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Obliged to Love

By Val McCleod

Sourced, seeded and sustained by love, Dr. Martin Luther King, Jr. captured the
conscious of the world by illuminating our inextricable interconnectedness.
Profoundly prophetic in his scope, Dr. King, set the foundation and established
the framework for generational reconciliation.

His dream for multi-dimensional parity launched the first “Yes We Can”
campaign. The substance of Dr. King’s message was unbridled hope. He made a
deliberate decision to sacrifice and serve without reservation to fulfill the hopes,
dreams and prayers of the millions who lived before and after him.

As a certified trainer/practitioner of Dr. King’s philosophy and teachings, I am


thoroughly aware of how strategically the civil rights movement advanced the
cause of peace and justice. Armored in courage and insulated by his devotion to
do justly, live compassionately and walk in humility, Dr. King and others, from all
races and cultures, shared a common bond of faith, focus and fulfillment.

Fueled forward by and with love, Dr. King clearly understood that brotherly love
is the most harmonizing and healing force in the universe. Love promotes better
understanding, unity, accountability and cooperativeness.

Through a convergence of collective consciousness, we must never fail to


recognize that the advances and advantages that we now enjoy are because of the
generosity and suffrage of others.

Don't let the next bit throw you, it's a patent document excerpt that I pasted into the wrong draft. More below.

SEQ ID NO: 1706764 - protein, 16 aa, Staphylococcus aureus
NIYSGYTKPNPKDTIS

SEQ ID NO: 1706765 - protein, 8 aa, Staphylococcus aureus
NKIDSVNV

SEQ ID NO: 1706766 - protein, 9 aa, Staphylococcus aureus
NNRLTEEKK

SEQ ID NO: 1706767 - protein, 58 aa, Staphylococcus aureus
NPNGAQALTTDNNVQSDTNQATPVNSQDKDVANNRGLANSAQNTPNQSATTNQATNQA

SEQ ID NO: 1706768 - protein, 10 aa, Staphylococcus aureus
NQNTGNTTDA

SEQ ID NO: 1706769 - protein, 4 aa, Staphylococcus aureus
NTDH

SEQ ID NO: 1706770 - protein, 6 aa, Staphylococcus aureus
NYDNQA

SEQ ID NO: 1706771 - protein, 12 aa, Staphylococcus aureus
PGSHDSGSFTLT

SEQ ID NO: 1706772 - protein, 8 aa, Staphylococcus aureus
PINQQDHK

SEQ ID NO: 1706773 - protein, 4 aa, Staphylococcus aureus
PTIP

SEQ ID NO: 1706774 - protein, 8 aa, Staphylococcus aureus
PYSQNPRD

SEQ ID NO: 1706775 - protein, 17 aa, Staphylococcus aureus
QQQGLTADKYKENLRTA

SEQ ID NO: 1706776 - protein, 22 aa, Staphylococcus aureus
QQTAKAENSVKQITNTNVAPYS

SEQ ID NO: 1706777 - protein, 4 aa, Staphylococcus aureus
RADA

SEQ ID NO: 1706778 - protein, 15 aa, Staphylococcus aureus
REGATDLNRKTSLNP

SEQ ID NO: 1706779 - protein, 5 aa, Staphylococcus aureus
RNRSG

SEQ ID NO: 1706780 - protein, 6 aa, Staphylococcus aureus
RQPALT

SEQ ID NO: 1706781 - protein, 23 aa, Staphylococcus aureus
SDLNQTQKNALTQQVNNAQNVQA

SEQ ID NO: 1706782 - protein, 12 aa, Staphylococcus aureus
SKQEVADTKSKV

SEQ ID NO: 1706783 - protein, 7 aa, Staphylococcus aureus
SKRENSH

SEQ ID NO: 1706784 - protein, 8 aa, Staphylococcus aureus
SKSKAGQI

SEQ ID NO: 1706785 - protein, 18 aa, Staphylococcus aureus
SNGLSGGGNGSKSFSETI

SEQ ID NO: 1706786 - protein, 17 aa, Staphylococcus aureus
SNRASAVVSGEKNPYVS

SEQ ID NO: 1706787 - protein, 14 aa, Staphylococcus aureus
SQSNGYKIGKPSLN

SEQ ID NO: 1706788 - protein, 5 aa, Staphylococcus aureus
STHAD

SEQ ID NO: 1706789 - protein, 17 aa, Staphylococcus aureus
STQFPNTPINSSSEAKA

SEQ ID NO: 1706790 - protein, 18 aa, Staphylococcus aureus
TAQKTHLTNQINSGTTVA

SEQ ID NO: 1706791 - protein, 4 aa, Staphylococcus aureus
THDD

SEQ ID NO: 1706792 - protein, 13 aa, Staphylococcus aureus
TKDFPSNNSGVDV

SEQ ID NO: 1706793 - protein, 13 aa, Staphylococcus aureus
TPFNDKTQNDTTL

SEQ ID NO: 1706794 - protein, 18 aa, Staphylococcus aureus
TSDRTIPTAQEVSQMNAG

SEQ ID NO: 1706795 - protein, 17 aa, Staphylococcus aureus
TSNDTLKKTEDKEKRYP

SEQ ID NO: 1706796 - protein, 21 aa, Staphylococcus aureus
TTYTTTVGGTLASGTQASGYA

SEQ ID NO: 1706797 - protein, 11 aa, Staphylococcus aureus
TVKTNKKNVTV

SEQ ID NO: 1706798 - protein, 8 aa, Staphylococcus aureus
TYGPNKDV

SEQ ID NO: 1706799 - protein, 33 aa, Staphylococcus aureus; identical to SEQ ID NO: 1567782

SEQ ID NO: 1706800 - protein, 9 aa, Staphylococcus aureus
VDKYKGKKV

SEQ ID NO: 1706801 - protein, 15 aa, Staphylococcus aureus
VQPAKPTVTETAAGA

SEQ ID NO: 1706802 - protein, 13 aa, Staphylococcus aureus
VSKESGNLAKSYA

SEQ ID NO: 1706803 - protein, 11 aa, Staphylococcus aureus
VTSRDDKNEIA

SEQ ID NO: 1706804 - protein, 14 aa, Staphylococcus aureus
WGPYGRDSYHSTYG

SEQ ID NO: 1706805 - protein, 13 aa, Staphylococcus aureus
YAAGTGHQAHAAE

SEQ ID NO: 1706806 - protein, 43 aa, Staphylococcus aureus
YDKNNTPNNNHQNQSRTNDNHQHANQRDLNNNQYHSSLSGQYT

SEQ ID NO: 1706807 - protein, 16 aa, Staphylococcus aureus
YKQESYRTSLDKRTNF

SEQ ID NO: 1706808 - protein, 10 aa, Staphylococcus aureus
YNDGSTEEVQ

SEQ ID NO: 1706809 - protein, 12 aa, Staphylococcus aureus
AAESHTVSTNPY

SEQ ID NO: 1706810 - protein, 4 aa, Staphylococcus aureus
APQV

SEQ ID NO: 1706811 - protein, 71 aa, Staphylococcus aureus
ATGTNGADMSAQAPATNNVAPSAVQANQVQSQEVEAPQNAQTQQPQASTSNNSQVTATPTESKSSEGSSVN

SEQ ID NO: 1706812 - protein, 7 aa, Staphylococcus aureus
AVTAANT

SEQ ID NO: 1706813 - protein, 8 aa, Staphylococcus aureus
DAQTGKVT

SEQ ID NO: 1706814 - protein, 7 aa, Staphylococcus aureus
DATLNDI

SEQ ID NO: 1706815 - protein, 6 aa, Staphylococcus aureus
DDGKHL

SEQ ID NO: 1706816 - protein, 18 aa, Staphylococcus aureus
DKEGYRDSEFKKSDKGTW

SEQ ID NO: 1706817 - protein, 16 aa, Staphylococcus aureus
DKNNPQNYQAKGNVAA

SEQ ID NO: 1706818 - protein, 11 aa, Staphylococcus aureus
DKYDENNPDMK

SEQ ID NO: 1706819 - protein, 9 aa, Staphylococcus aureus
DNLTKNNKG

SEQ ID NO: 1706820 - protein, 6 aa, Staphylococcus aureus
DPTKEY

As we reflect upon the 40th memorial of Dr. King’s assassination, we should all
pause to evaluate our individual and collective obligations. We have all greatly
benefited from Dr. King’s life and we are equally responsible for reconciliation.

We have come this far by faith. Much sweat, tears and blood that were shed to
pave and construct the way for great accomplishments, including, this historic
opportunity to elect a woman or an African-American man for president of the
United States. This deeply obliges me.

It is because of Dr. King’s tremendous sacrifices and great service that I am


obliged to live a life that also leaves a legacy. I am obliged to live to give to others.
I am obliged as an African-American to reach out and embrace others irrespective
of their race, class or sexual orientation. My obligation flows deeply within my
heart. In so doing, my life resonates appreciation for Dr. King’s sacrificial love, life
and legacy.

……………..I am obliged to love.

V! McCleod is a professional speaker, writer and commentator who uses her voice to promote
relational and racial reconciliation. V! can be reached by e-mail or post comments at her blog -
Conversations with V! http://conversationswithv.blogspot.com/